At the closing banquet the keynote speaker, Randy Pierce, spoke beautifully about the difference between sight and vision. Lots of people have vision without sight and lots of people have sight without vision, he says. How very true. He is the first blind hiker to summit all 48 New Hampshire peaks over 4,000 feet. He has run the Boston Marathon and climbed Mount Kilimanjaro.  Check him out here.
Noah and his guide.






Hot cocoa at Bullwinkles, the ski in, ski out restaurant we all love.


Maya couldn't wait to get home and play Connect Four (one of her favorite games) "blind" like she had seen Noah do. Half of the chips are modified with aluminum foil in order to "feel" the game. I'm not sure why Maya had to look like she was robbing a bank in order to play, but knowing her, it just added to the fun. 



 Sometimes skiing is really fun for Maya. Sometimes it is a power struggle. She has been reluctant to ski with Maine Adaptive (the guides use assistive technology to overcome her hearing loss and teach her to ski) yet she always ends up having fun and listening to them in ways she won't listen to us.  As a result, she can now execute clean parallel turns. No more snowplow for her. Unless she gets angry at us. Then she points her skis in a standard snowplow which is akin to giving us the finger.

Photo juxtaposition: (on the left) she and her guide highlighting all the trails they skied and basking in the glory of success versus (on the right) laying on my lap in the lodge.


Maya with her guide, Eric. These people are amazing, I tell you.

Four days of skiing at NEVI Fest equaled victory for both girls. Ella skied every advanced trail she was allowed on, including the elusive double black diamond Gondi Line (Sandi took her. My feeling about those trails is that I really have no business on them and I am just very relieved to see my girls when they come down still on two legs.). Maya tackled a challenging intermediate slope, Sluice, with the help of the very patient and encouraging Alissa, a Maine Adaptive guide I liken to a Sugarloaf superhero. She has an uncanny way of showing up when things are falling apart on the side of the mountain (for both the child and her two mothers) and coaxing Maya's determination and grit back out of her.  We are pretty sure Alissa wears a cape under her ski jacket.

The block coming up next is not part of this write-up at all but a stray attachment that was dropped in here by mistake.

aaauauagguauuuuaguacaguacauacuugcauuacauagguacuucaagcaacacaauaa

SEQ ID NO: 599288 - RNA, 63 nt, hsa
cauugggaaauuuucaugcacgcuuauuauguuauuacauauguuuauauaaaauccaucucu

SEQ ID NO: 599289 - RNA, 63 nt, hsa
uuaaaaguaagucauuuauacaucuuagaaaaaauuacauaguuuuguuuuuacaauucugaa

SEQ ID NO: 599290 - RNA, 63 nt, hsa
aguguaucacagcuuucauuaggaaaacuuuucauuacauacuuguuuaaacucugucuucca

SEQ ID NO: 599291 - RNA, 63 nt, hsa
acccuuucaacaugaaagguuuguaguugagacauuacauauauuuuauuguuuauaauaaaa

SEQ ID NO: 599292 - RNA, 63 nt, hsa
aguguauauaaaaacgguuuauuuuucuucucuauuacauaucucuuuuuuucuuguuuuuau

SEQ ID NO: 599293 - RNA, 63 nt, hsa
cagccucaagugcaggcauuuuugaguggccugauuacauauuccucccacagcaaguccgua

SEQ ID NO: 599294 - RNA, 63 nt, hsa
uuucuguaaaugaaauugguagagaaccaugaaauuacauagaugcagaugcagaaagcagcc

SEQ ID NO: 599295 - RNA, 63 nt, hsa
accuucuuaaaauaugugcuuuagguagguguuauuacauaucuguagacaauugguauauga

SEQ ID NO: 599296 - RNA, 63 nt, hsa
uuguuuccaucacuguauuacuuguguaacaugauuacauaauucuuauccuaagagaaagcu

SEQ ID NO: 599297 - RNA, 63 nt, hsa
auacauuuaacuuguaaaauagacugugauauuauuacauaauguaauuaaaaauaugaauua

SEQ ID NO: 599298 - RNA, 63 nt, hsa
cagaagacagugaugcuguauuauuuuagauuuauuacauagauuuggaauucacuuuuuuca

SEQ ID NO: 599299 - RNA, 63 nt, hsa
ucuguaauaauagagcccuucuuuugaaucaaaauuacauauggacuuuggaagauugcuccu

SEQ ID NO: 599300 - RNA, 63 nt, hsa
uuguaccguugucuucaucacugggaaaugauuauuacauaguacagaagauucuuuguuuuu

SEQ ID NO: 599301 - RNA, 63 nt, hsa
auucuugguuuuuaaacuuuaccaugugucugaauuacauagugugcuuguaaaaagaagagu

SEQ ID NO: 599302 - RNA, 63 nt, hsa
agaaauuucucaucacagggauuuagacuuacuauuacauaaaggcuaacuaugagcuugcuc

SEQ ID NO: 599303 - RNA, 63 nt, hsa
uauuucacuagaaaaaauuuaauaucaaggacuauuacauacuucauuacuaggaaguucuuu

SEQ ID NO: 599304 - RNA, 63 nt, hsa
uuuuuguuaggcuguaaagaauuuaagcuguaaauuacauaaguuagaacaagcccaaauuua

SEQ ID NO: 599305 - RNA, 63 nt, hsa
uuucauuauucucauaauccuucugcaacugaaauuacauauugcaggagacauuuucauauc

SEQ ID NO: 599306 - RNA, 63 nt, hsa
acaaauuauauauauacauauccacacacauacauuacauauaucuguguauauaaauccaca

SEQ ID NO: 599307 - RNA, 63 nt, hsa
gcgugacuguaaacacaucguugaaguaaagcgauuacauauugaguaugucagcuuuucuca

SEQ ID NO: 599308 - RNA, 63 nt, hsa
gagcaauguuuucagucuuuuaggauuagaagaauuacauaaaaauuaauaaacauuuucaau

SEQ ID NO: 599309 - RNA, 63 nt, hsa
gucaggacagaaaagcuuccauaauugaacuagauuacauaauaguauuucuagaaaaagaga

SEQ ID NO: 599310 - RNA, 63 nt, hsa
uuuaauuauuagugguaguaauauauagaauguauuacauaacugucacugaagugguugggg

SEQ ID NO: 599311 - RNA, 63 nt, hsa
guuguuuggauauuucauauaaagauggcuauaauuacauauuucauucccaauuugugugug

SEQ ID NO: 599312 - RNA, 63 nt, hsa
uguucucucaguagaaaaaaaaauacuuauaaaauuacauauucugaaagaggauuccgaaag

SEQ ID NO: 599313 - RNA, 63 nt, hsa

Ski glory, of course, doesn't come without at least a few double ejections. 


Also, this happened. Note the bottom of the sign: "Warning! Serious injuries or death possible. 
You assume all risks."
 Ella took Sandi and I down this terrain trail and I can tell you it had all the same emotional components of riding a roller coaster. I want to do this. I shouldn't do this. What if I die? I'm doing this. Oh dear god, I'm going to die. But I will die having fun! What if I don't die but just get maimed and lose limbs? This is beyond thrilling! I have never felt so alive! And so terrified! When will it end? I hope it is almost over! I hope it never ends! It's over...I did it. I'm alive. All my body parts are intact! I want to do it again...sort of.  

I am of the belief that I need to be terrified of something and do it every now and then in order to have a fulfilling life. I just would like to keep all my knee ligaments. And my brain, too. 

In truth, our family is sort of in love with Sugarloaf. 



Perhaps my most exciting news is that we are drafting plans for our new house. Anyone who knows us can imagine how this is going. Sandi is using her brilliant math mind to draw things to scale on graph paper and calculating square footage in her head while I sit next to her compulsively pinning ideas on Pinterest to ensure that our house falls outside our budget.  (Who doesn't need a hidden door that looks like a bookcase? Or a book nook that you can only get to by ladder?)

Because we are not stupid, we know we have lots of research to do as we make the 50,000 decisions that go into building a house. Because we are actually smart, we know how to make it fun. Our friends Kate and Paul, who have a lot of experience designing the insides of houses, invited us to visit their house (and peek in their cupboards and ask them personal questions like, "Do you actually use your front porch?" and "Where do you store all your towels?"). It was a such a treat to hang out with them and pick their brains.

Maya knew we were on MDI and kept saying, "I want to go to the beach!" to which I kept replying, "We aren't going to the beach. We are here to visit and it is March!" Then Paul and Kate said they wanted to take us on a walk so we could see how beautiful the nearby ocean was and, whaddayankow...BAM, Maya is on a beach. That girl is the captain of her own destiny. Parenting her is often an exercise of just getting out of the way.



Paul and Kate and their adorable child. 


 The girls are growing so much right now. It is somewhere between really cool and a total betray of my deluded parent/child contract.


 Alas, Ella is not too old for Sandi to pick her up. (However, she is close approaching my height and so I don't attempt this.)




On a hike with their surrogate sister from upstairs, Jax.

And, lastly, Maya has a new favorite face. Just to keep you in the loop. 


If any of you out there have any house building advice, I am open to all of it. Unless you want to say "Don't do it." We have thought long and hard about this decision and we have bought our tickets for the train. But I would love to hear about any things you would love to have known before you built or things you would do differently if you did it again. There are so many things to choose and decide on and many of them I don't even know I should be thinking about. 

Happy almost spring to all of you!